White Plains, New York The United States Tennis Association and National Junior Tennis League have launched the fifth annual Arthur Ashe Essay Contest to help commemorate Ashe’s legacy, 10 years after his passing on Feb. 6, 1993.
The essay contest, previously open only to USA/NJTL participants, is open to entries from all school children across the nation for the first time.
“Arthur Ashe lived an exemplary life, donating his time to underprivileged youth and growth of the game,” said Barbara Wynne, NJTL Committee Honorary Chair and originator of the Arthur Ashe essay contest. “We are thrilled to honor Arthur’s achievements and contributions to both tennis and disadvantaged youth through this national essay contest.”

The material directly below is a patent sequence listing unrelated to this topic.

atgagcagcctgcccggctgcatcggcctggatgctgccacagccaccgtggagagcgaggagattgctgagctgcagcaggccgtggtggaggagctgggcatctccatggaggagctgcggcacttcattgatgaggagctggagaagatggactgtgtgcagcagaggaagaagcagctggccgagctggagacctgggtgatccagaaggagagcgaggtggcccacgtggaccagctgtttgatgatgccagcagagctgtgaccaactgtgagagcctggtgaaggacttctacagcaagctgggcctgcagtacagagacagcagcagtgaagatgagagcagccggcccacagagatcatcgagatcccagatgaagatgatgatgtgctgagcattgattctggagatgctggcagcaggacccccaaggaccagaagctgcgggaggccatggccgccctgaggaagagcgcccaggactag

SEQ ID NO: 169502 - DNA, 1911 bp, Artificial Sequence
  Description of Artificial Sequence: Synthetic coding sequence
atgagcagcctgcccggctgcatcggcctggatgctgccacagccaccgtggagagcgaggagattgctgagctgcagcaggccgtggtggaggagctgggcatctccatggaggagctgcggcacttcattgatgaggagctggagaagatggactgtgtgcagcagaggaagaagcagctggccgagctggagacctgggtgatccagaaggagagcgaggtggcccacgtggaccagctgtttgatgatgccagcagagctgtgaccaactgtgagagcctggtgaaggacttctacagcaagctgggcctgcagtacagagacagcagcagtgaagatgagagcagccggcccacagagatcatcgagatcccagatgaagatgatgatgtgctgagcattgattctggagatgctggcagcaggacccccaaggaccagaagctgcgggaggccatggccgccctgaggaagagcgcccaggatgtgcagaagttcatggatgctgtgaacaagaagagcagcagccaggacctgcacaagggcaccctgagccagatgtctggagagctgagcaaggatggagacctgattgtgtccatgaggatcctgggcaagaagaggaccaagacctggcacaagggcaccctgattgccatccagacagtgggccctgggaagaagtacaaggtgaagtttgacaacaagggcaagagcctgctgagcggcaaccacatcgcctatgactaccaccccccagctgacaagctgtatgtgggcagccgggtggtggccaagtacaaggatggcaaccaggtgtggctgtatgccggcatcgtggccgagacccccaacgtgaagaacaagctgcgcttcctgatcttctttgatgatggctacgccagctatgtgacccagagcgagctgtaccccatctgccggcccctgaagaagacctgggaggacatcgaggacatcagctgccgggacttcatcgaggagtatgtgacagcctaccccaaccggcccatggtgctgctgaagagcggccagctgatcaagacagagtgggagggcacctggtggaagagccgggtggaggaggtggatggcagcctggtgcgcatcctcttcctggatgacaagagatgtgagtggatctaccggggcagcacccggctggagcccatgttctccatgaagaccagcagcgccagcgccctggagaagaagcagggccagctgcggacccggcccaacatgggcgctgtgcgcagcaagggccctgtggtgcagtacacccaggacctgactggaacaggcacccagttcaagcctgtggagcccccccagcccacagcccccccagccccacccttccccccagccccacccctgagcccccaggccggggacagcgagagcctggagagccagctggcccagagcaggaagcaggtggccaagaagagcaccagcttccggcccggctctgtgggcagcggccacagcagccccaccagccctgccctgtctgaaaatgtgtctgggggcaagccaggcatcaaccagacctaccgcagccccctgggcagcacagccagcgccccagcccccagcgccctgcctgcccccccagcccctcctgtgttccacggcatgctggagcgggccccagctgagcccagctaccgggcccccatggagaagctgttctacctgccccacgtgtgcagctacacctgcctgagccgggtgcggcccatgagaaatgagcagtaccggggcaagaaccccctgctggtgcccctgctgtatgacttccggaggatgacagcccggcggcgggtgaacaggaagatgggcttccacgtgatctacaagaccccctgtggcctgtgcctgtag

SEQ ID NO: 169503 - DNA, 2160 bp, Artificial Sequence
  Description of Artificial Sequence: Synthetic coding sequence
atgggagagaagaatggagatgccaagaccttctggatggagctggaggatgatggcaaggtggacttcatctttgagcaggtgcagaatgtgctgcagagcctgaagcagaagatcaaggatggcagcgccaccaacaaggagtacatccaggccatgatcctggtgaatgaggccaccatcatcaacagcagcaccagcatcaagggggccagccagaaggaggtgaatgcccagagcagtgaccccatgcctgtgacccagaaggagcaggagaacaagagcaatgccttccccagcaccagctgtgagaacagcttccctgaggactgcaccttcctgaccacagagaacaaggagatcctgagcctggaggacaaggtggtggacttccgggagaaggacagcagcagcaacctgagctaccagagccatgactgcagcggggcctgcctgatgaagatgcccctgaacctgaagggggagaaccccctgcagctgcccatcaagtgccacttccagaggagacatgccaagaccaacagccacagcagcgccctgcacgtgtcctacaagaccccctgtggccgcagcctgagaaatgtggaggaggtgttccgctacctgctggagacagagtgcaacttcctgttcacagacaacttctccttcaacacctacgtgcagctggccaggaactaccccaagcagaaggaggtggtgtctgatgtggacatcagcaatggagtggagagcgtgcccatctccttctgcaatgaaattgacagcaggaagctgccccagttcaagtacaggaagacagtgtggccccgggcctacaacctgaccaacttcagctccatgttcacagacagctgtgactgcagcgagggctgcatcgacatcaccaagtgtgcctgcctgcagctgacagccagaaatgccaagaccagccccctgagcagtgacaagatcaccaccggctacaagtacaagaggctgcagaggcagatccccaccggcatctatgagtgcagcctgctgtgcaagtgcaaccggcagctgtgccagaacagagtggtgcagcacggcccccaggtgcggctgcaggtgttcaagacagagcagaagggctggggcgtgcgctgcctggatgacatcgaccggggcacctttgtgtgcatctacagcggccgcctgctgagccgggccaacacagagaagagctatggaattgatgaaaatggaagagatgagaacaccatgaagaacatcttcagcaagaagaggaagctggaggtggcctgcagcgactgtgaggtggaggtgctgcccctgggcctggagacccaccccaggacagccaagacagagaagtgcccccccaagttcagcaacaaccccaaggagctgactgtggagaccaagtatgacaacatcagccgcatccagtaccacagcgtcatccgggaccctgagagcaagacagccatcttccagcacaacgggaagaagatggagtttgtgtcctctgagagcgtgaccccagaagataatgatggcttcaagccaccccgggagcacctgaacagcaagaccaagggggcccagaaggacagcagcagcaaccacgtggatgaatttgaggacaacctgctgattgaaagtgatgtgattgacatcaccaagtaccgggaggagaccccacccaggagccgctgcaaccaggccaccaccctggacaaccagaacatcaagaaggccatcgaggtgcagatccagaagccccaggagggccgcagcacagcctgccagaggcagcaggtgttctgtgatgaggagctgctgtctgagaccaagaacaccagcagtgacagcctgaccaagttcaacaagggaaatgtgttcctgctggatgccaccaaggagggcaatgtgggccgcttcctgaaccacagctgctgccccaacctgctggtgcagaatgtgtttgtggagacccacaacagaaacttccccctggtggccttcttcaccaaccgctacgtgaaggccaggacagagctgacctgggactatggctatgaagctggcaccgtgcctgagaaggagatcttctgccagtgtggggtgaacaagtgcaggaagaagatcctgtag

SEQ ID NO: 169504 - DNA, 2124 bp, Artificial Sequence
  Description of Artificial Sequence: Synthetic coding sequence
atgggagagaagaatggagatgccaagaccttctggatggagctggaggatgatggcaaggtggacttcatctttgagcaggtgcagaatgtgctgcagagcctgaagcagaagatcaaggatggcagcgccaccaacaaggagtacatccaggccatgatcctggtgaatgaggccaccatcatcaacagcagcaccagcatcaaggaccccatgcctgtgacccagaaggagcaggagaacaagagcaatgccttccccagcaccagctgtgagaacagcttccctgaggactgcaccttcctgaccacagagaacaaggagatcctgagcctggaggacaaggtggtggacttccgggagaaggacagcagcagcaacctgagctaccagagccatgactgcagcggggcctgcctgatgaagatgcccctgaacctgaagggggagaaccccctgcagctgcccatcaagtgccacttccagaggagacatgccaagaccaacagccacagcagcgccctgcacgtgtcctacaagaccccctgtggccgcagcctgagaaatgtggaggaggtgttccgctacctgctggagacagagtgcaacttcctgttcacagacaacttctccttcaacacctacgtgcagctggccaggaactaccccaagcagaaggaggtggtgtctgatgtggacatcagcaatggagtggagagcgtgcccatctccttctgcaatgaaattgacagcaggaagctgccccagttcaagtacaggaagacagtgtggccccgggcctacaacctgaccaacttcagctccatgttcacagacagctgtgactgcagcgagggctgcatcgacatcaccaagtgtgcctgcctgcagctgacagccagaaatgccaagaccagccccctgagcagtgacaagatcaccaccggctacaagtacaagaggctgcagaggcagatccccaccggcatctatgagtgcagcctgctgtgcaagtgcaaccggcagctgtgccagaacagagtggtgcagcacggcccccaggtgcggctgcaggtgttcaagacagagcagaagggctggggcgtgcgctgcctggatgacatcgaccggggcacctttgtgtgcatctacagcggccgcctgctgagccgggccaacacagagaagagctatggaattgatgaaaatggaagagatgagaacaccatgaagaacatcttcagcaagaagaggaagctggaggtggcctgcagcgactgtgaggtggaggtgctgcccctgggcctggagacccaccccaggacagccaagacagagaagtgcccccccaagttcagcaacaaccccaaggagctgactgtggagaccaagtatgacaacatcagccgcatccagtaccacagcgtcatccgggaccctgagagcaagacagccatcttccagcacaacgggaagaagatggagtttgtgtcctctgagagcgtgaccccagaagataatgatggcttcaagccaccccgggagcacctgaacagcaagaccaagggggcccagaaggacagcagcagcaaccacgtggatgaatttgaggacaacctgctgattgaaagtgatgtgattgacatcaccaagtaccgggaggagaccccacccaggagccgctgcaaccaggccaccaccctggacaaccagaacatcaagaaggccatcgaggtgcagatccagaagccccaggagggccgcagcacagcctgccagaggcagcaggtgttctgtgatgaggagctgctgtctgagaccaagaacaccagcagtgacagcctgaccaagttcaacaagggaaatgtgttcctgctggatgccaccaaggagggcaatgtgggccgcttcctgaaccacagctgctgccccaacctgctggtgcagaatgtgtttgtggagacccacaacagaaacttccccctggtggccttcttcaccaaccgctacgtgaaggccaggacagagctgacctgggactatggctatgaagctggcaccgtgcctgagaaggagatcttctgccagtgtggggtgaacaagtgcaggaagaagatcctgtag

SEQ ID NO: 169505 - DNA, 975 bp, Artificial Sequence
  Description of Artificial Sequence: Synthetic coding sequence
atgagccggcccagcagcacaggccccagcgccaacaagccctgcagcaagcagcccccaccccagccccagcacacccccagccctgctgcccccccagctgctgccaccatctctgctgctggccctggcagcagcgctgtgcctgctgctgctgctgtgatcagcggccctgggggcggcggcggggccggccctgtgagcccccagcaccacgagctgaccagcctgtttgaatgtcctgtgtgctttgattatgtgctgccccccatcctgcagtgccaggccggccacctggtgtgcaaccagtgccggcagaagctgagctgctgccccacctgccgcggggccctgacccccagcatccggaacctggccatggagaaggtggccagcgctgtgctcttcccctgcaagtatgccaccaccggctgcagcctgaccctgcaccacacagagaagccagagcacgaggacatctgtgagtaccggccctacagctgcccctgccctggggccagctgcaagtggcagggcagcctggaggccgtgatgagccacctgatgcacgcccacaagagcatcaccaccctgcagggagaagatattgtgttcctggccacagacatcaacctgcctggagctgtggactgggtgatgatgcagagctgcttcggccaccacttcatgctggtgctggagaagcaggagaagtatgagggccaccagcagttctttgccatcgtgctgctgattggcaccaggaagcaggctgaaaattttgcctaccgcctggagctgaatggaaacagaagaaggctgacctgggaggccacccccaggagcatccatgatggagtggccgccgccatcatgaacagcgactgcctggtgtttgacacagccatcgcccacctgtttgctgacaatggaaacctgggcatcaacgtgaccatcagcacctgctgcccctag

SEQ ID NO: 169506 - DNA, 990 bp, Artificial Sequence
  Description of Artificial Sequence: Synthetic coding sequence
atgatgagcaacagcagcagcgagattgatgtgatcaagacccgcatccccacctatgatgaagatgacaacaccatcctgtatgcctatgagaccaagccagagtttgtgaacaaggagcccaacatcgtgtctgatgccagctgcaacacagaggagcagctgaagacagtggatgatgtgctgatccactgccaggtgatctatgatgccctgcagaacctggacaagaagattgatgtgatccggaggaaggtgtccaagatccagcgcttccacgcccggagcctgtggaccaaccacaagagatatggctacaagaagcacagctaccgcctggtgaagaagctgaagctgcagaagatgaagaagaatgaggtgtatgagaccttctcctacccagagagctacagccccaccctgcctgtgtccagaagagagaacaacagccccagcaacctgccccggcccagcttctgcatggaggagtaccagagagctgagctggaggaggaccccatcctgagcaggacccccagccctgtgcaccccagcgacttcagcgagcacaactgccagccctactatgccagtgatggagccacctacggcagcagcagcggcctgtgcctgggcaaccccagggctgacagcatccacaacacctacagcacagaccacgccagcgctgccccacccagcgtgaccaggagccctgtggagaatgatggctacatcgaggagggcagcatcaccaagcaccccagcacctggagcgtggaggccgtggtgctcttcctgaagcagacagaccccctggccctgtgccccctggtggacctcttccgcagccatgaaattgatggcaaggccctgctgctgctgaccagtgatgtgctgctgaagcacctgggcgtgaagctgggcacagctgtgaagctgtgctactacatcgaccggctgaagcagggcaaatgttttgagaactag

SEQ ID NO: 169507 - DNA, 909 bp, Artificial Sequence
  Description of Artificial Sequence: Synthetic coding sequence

Contest winners will receive an all-expense paid trip to New York from Aug. 22-24, 2003 and will be guests at Arthur Ashe Kids’ Day presented by Aetna on Saturday, Aug. 23, preceding the 2003 US Open. Arthur Ashe Kids’ Day is a daylong festival of kids’ tennis activities including interactive games, musical entertainment and free clinics.
To enter, children, 18 or younger, must write an essay in 300 or less on “Why Arthur Ashe a sports legend?” All entries must be submitted on 8½ X 11½ paper and mailed to the USTA by July 10, 2003. Winners will be notified by July 31, 2003. Ten national winners will be selected, one boy and one girl from each of five age groups and awarded round trip coach air transportation to New York for themselves and a parent/legal guardian and two nights at the Grand Hyatt Hotel in Manhattan.
Essays should be mailed to the following address: United States Tennis Association, C/O Alex Palombo, 70 West Red Oak Lane, White Plains, NY 10604.